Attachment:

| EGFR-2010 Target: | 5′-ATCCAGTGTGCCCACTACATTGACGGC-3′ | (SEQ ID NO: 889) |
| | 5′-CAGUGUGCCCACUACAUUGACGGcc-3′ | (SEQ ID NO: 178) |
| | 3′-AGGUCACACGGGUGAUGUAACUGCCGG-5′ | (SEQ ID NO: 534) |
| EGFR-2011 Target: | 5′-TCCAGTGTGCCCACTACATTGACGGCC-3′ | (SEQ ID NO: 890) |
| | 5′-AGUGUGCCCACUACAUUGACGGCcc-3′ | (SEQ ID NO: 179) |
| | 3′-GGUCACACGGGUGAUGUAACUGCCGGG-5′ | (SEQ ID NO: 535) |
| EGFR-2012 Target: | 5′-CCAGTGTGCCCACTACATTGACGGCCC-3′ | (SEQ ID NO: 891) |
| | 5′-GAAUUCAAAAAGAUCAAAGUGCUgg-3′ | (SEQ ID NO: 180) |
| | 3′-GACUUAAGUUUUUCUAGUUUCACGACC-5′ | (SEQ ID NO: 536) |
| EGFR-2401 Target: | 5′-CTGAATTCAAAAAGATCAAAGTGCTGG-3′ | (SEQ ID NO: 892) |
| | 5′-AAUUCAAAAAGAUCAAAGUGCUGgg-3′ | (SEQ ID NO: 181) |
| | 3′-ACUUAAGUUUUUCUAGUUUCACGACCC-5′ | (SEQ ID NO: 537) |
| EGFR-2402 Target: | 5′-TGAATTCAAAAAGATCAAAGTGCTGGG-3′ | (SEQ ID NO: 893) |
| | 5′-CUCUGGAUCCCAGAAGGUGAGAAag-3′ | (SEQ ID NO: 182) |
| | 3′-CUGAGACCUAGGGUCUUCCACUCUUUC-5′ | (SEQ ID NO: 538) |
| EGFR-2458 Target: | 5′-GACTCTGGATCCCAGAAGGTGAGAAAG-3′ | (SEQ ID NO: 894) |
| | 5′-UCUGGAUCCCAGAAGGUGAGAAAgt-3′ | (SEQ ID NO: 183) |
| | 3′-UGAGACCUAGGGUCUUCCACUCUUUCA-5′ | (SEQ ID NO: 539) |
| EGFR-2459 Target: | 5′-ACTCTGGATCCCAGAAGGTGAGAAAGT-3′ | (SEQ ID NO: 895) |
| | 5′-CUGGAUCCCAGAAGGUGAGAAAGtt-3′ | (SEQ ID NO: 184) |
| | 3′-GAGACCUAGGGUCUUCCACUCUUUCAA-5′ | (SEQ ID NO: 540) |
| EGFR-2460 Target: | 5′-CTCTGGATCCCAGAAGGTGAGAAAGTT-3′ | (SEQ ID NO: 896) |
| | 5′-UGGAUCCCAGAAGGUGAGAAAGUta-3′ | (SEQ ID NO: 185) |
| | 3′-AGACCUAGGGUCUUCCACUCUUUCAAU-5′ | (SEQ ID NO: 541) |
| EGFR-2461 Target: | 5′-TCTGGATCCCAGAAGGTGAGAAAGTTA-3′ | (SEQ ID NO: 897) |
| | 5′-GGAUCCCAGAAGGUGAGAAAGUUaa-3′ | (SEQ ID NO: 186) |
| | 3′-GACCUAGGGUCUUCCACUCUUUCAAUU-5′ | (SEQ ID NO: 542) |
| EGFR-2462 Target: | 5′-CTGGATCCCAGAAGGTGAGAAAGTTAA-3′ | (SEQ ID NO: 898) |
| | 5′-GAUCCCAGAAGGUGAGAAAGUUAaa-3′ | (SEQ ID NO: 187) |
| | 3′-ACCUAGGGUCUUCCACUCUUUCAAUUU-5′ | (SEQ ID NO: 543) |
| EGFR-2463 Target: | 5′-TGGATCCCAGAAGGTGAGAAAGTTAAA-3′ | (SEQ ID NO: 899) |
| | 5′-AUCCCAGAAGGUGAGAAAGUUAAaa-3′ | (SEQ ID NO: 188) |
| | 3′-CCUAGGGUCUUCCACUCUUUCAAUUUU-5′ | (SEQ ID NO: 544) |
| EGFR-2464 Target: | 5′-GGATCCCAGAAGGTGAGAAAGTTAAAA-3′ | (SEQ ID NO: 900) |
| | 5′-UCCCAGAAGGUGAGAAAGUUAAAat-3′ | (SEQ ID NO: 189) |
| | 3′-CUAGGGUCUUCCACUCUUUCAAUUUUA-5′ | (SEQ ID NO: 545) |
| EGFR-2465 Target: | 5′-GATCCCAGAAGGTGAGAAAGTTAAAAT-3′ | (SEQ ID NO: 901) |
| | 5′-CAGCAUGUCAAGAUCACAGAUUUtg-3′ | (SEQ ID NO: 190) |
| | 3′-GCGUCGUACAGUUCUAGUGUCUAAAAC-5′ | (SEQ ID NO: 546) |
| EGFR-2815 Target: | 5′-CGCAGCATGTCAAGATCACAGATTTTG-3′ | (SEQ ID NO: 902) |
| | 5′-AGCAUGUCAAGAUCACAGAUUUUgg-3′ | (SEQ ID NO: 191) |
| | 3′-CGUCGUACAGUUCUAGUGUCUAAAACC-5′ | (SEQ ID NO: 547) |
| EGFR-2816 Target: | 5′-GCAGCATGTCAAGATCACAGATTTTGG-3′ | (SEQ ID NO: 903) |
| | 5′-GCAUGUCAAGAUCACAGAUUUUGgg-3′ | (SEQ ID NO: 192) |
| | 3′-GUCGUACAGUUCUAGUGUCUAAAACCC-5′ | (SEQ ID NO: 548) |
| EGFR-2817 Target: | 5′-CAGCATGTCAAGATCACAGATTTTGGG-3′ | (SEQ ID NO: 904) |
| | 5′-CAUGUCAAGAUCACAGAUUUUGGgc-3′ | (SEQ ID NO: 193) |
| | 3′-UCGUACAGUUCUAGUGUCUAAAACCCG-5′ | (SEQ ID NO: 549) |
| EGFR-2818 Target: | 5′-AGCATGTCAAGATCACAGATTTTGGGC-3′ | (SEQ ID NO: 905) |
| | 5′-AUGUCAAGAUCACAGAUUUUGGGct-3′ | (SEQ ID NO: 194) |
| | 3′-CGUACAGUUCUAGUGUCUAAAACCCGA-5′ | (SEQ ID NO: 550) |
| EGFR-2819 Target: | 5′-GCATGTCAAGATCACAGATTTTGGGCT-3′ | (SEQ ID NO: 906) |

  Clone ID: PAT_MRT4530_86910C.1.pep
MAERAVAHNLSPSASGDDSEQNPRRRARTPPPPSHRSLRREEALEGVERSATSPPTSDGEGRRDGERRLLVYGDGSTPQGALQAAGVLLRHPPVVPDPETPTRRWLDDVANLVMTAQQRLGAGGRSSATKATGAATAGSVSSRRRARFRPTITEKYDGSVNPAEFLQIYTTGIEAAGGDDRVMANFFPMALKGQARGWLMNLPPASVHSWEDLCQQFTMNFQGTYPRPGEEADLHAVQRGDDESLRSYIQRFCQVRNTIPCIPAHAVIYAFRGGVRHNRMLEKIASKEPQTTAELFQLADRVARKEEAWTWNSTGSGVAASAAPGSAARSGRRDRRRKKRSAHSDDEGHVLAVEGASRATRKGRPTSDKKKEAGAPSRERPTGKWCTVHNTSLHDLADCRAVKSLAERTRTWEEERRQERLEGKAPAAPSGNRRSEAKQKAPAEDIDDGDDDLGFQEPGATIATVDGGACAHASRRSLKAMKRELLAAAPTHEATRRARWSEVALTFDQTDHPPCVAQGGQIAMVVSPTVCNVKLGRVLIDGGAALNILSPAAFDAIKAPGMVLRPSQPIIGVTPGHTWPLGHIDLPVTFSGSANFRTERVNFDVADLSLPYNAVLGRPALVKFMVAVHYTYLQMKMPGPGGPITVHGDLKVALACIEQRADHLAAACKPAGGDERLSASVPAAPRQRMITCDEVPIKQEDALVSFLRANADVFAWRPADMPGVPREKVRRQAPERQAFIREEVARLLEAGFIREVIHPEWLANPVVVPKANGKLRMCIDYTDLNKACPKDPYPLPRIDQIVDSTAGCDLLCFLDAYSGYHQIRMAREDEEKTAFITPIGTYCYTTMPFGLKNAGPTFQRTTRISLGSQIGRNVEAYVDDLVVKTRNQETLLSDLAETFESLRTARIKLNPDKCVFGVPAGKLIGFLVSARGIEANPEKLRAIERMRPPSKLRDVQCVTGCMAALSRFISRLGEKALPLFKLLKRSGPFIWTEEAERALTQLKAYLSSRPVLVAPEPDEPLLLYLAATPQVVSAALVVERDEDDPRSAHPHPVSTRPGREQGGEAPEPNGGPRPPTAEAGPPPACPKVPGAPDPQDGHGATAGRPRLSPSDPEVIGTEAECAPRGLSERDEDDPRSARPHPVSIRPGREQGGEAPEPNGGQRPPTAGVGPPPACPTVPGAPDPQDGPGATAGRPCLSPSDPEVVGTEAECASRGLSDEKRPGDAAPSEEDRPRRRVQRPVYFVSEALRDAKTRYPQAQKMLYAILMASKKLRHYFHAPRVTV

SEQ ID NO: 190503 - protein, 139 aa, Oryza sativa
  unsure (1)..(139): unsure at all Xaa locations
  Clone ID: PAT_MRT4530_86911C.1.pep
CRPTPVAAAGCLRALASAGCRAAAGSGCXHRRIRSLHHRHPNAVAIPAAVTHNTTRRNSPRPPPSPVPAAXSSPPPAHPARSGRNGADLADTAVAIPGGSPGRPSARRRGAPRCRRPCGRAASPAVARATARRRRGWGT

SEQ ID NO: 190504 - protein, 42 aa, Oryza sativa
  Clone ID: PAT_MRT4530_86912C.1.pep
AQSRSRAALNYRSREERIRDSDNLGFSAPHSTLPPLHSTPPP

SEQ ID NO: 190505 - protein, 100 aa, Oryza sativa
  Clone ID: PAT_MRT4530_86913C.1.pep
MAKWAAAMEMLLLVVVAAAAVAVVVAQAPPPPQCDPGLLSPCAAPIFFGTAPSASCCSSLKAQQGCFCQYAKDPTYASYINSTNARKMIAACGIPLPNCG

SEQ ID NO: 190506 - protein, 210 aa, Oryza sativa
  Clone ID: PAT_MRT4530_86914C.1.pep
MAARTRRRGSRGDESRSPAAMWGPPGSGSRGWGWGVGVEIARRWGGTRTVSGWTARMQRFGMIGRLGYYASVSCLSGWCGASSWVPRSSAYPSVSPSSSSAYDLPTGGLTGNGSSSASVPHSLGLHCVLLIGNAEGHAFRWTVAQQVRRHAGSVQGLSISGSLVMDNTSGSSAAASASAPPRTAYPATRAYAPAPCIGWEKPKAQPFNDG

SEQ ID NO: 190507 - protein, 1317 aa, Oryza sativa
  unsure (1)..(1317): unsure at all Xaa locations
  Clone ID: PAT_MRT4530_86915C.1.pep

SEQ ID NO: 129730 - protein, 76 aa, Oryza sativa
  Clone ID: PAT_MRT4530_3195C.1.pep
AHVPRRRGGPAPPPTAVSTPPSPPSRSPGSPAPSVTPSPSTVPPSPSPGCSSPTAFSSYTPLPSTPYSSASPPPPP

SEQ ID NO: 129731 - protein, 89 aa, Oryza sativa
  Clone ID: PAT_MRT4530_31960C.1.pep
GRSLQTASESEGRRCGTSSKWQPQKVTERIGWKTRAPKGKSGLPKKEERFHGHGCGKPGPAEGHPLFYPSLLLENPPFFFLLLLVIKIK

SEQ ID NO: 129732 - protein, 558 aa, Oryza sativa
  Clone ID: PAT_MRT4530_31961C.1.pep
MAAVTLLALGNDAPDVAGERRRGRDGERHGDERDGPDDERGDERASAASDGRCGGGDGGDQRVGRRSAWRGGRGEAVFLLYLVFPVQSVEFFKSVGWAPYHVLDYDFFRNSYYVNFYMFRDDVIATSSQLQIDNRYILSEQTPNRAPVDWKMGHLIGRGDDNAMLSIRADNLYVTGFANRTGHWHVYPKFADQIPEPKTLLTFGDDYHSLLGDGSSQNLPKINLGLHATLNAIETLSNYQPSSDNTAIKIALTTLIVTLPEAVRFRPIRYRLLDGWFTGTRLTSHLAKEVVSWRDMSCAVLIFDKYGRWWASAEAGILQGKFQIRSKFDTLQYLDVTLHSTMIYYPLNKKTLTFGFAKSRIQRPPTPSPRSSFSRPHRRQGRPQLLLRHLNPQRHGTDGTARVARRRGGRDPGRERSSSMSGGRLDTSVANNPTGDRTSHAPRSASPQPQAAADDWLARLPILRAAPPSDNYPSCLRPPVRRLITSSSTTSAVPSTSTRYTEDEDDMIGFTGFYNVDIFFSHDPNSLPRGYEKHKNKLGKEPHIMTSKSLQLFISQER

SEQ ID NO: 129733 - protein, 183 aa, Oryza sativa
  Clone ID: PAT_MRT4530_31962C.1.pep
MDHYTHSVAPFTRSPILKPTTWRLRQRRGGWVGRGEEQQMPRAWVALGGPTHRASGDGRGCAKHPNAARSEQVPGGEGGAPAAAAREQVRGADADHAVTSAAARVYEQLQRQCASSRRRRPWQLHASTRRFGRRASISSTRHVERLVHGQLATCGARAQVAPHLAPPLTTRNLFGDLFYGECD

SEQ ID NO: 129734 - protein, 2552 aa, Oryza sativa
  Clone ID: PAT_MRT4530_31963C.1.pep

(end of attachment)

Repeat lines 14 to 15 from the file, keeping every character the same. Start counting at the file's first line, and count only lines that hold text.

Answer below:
| | 5′-CUCUGGAUCCCAGAAGGUGAGAAag-3′ | (SEQ ID NO: 182) |
| | 3′-CUGAGACCUAGGGUCUUCCACUCUUUC-5′ | (SEQ ID NO: 538) |